~If we ignored both the popular vote and the Electoral College, and based the election simply on land mass, Republicans would probably win every presidential election from now until eternity.
~Trump won the Catholic vote by 7% (http://www.catholicnewsagency.com/news/what-was-the-breakdown-of-the-catholic-vote-tuesday-62065/). I hope that fact is a sign of hope that Catholics are becoming better voters.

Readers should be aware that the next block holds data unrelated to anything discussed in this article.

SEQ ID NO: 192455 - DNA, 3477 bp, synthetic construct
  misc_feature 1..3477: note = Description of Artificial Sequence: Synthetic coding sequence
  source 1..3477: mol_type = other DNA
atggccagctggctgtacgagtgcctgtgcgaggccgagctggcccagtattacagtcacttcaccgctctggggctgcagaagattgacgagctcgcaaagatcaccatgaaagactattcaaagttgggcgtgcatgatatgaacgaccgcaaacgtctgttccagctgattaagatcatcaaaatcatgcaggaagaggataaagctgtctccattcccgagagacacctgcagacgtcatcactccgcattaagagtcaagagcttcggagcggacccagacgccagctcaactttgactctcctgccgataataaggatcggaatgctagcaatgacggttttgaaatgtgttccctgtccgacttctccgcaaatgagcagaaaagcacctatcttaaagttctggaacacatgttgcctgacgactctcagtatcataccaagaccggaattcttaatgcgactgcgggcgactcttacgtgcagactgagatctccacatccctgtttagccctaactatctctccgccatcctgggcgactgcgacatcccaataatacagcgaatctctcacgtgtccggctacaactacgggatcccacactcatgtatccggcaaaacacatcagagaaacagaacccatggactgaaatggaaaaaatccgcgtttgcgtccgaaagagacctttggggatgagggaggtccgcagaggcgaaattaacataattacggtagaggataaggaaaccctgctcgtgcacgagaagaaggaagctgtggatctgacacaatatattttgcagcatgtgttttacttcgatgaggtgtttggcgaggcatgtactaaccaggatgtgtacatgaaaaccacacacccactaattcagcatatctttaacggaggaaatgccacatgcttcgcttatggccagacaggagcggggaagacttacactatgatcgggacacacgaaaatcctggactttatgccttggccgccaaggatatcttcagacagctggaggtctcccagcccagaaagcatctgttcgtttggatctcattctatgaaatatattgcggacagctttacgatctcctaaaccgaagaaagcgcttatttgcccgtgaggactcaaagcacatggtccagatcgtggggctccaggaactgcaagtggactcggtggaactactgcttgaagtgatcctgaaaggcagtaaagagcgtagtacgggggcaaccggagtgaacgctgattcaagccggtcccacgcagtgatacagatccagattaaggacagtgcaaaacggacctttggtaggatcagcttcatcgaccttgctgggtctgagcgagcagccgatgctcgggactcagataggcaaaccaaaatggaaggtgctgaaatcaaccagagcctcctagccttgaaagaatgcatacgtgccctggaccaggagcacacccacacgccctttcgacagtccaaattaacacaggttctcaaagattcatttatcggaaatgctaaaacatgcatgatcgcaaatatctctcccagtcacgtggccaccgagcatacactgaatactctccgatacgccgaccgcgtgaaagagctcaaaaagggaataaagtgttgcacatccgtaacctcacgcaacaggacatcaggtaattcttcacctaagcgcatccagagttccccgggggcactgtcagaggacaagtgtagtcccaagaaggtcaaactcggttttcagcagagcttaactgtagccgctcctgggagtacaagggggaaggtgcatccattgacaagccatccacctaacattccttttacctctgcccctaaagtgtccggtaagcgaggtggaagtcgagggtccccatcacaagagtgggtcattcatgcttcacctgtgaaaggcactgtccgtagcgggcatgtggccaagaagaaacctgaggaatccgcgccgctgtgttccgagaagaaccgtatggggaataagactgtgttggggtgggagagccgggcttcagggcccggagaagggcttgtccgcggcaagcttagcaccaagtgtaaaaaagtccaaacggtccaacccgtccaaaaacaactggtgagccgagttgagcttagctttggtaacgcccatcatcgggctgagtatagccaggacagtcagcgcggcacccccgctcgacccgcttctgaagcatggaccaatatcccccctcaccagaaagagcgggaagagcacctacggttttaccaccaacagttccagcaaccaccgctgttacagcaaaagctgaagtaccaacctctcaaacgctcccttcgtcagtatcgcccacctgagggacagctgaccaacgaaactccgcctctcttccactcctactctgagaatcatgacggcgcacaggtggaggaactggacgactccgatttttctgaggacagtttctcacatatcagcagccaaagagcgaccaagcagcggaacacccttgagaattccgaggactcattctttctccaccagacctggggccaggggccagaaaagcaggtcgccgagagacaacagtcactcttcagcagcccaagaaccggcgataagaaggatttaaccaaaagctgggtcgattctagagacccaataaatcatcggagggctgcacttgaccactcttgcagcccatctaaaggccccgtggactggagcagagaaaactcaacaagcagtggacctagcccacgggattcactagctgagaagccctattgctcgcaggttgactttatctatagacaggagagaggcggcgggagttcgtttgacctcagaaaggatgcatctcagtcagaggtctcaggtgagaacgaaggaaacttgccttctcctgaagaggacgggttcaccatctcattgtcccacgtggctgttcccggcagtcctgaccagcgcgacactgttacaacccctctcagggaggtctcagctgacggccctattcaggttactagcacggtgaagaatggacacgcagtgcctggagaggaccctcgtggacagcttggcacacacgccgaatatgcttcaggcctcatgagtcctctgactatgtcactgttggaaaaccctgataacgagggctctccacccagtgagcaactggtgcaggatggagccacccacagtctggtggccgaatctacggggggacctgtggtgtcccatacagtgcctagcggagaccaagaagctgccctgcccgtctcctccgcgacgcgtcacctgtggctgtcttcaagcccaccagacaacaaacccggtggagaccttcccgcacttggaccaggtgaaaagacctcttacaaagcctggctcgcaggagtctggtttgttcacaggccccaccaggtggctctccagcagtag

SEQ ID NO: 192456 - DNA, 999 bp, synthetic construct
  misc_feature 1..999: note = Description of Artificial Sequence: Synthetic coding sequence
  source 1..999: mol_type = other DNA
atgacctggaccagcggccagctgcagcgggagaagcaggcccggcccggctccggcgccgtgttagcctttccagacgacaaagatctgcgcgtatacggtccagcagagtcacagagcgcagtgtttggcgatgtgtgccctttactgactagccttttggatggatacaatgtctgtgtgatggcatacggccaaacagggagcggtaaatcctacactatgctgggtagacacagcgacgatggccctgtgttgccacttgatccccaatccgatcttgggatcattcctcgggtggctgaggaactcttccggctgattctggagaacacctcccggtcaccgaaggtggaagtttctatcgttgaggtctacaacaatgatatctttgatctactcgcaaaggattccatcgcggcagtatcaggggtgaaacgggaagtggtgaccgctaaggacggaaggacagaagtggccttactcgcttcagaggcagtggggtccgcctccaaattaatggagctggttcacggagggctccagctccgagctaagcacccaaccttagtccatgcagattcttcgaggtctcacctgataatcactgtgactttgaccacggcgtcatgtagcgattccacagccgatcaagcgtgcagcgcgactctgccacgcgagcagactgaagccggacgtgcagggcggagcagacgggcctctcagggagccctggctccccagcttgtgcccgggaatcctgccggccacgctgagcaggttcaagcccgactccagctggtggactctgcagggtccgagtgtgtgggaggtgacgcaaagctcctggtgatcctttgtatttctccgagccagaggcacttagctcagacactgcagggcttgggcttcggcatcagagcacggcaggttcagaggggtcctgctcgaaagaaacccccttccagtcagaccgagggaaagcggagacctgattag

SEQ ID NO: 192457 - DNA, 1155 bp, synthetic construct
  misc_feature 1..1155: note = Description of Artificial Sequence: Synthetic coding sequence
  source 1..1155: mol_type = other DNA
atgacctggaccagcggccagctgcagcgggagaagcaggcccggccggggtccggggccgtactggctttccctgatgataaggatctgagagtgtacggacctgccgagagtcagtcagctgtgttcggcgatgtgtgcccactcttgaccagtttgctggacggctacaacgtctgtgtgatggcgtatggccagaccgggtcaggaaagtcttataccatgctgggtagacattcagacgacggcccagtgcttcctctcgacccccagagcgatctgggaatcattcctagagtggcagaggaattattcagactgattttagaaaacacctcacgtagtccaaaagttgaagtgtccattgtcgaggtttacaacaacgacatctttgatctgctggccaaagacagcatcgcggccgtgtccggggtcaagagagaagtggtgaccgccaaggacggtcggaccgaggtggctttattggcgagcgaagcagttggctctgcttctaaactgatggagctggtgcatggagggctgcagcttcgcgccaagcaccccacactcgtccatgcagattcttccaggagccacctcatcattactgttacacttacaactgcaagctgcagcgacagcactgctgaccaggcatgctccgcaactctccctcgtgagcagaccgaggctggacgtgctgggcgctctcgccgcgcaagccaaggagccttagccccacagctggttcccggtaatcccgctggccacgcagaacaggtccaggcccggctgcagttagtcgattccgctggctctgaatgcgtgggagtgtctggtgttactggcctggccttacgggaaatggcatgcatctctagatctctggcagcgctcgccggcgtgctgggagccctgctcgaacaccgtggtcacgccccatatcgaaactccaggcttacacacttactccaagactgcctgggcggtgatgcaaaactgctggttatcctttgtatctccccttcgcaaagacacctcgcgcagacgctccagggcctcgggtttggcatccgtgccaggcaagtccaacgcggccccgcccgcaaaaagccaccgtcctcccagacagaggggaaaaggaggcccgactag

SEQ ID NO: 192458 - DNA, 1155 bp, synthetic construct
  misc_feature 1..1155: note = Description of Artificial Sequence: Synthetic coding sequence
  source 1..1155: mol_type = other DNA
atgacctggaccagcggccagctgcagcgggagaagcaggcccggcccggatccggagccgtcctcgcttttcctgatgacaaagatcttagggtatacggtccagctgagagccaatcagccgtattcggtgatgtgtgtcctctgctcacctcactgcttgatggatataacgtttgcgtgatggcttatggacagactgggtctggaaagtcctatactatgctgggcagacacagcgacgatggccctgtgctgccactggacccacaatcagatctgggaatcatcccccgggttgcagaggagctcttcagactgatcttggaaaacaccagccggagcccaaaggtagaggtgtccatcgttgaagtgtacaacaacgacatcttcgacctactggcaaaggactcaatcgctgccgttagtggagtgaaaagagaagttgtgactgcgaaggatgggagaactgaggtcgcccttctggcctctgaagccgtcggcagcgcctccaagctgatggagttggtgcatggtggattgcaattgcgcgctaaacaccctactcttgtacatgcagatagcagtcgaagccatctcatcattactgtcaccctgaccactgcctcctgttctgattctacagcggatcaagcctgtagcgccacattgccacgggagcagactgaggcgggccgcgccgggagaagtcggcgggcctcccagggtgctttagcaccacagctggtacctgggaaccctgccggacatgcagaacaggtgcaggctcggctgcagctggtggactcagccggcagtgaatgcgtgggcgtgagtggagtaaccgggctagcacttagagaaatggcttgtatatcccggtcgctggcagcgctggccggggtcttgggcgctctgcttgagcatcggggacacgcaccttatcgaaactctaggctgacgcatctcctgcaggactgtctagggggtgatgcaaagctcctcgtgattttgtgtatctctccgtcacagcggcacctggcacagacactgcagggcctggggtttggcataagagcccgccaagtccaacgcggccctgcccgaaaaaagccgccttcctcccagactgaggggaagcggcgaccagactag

~Melinda Selmys writes (http://www.patheos.com/blogs/catholicauthenticity/2016/11/the-dumb-white-scapegoat/): “For the left, it’s crucial to avoid punitive strategies. The right is not hypocritical when it talks tough, metes out harsh justice, or shows contempt for the plight of people who are suffering. A right-winger who behaves this way may be odious, but he is at least odious in a way that is consistent with his beliefs. When the left adopts a contemptuous or snarky attitude, justifies punitive forms of rage against those who are perceived to be oppressors, and shows contempt towards white folks who are actually, in many cases, living in conditions of grinding poverty in the Red states, it is hypocritical. It undermines any claim to moral authority: a politics of reconciliation, compassion, peace, listening, caring, and universal respect for human diversity cannot succeed if it excludes the people whose hearts most need to change.” Did you catch that? What absolute garbage. Her presupposition is that the “right-winger” is by definition someone who is one mean sonofabitch, while the left-winger is kind and caring. Just another fine example of a Catholic blogger who’s been drinking the Kool-Aid. And one more thing: I believe it was the Left (Jon Stewart, anyone?) that invented snark.